Discovery was launched from Kennedy Space Center on September 9, 1994 at 6:22 PM EDT and landed at Edwards AFB on September 20 at 5:12 PM EDT. The shuttle orbited 176 times at an altitude of 140 nautical miles at an inclination of 57 degrees and travelled 4.5 million miles. The mission lasted 10 days, 22 hours, 49 minutes and 57 seconds.

This mission marked first flight of Lidar In-space Technology Experiment (LITE) and first untethered U.S. extravehicular activity (EVA) in 10 years. LITE payload employs lidar, which stands for light detection and ranging, a type of optical radar using laser pulses instead of radio waves to study Earth’s atmosphere. The first spaceflight of lidar was highly successful technology test.

The LITE instrument operated for 53 hours, yielding more than 43 hours of high-rate data. Unprecedented views were obtained of cloud structures, storm systems, dust clouds, pollutants, forest burning and surface reflectance. Sites studied included atmosphere above northern Europe, Indonesia and the south Pacific, Russia and Africa. Sixty-five groups from 20 countries are making validation measurements with ground-based and aircraft instruments to verify LITE data. LITE science program is part of NASA’s Mission to Planet Earth.

Mission Specialists Lee and Meade completed the 28th EVA of the Space Shuttle Program on Sept. 16. During the six-hour, 15 minute EVA, they tested a new backpack called Simplified Aid for EVA Rescue (SAFER), designed for use in the event a crew member became untethered while conducting an EVA.

On the fifth day of the mission, the Shuttle Pointed Autonomous Research Tool for Astronomy-201 (SPARTAN-201) free flyer was released using Remote Manipulator System arm. Making its second flight on the shuttle, SPARTAN-201 was designed to collect data about acceleration and velocity of solar wind and to measure aspects of sun’s corona. Data recorded for playback after return to Earth. SPARTAN-201 retrieved after two days of data collection.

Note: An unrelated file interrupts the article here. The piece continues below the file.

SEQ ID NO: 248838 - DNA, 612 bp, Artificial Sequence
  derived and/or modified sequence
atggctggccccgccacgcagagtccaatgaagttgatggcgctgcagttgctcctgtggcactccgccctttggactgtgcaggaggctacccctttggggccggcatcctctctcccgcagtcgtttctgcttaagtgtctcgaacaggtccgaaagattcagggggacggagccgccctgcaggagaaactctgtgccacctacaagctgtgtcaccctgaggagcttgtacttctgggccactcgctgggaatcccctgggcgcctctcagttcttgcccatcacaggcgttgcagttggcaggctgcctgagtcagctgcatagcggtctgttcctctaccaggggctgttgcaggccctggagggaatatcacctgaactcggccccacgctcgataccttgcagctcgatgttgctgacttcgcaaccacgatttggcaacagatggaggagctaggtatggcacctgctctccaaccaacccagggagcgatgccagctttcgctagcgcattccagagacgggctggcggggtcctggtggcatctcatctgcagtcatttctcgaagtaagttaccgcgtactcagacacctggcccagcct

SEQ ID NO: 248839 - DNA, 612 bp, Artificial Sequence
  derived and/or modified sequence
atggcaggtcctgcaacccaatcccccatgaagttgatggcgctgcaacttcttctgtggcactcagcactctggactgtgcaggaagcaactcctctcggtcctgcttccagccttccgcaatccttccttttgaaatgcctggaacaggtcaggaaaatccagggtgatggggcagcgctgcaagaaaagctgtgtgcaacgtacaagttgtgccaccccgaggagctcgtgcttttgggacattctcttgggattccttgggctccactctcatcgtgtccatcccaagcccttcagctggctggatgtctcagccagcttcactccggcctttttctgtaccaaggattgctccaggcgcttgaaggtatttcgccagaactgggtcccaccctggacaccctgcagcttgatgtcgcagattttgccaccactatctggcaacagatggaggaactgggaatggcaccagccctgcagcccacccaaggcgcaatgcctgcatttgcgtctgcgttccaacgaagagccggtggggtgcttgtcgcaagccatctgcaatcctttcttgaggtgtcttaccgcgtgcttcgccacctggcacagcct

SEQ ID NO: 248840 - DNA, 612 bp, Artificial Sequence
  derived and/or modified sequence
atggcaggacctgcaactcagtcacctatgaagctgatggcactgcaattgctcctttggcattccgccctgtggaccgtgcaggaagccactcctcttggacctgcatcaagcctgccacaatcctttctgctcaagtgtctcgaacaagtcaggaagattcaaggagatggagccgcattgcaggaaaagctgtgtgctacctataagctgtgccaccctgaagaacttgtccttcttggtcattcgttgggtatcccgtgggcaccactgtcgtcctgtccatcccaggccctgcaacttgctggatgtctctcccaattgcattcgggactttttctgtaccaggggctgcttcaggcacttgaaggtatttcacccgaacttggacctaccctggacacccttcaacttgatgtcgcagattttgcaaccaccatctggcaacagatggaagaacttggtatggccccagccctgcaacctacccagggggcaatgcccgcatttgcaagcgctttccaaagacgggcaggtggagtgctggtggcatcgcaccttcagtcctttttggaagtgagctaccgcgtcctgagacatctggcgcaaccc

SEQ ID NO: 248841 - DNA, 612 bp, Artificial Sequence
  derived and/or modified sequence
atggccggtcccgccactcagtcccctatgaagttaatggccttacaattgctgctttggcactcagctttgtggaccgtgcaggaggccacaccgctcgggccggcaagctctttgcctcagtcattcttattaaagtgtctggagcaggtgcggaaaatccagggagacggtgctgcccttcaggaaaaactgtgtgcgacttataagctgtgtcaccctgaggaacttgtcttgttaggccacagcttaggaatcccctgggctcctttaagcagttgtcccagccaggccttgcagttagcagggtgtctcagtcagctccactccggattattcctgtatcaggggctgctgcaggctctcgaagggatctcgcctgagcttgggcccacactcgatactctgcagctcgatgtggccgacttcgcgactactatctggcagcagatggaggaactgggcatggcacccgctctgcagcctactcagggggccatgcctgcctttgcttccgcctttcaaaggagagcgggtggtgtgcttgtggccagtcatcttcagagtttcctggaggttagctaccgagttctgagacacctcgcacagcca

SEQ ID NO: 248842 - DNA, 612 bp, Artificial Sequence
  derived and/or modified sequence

Other cargo bay payloads: Shuttle Plume Impingement Flight Experiment (SPIFEX), a 33-foot (10-meter) long instrumented extension for the shuttle robot arm. SPIFEX designed to collect data about orbiter Reaction Control System (RCS) thrusters to aid understanding about potential effects of thruster plumes on large space structures, such as Mir space station or planned international space station. Robot Operated Processing System (ROMPS) was first U.S. robotics system operated in space, mounted in two Get Away Special (GAS) canisters attached to cargo bay wall. A GAS bridge assembly in cargo bay carried 12 cans, 10 holding self-contained experiments.

Middeck experiments included: Biological Research in Canister (BRIC) experiment to investigate effects of spaceflight on plant specimens; Military Application of Ship Tracks (MAST) to take high-resolution imagery of ship tracks and to analyze wake formation and dissipations; Solid Surface Combustion Experiment (SSCE) to supply information on flame propagation over fuels in space; Radiation Monitoring Equipment III (RME III) to measure ionizing radiation; Shuttle Amateur Radio Experiment II (SAREX II) to demonstrate feasibility of short-wave radio contacts between orbiter and ground-based amateur radio operators; and Air Force Maui Optical Station (AMOS) test, which required no onboard hardware.

Discovery was crewed by Commander Richard N. Richards, Pilot L. Blaine Hammond, Mission Specialists Jerry M. Linengar, Susan J. Helms, Carl J. Mead, and Mark C. Lee.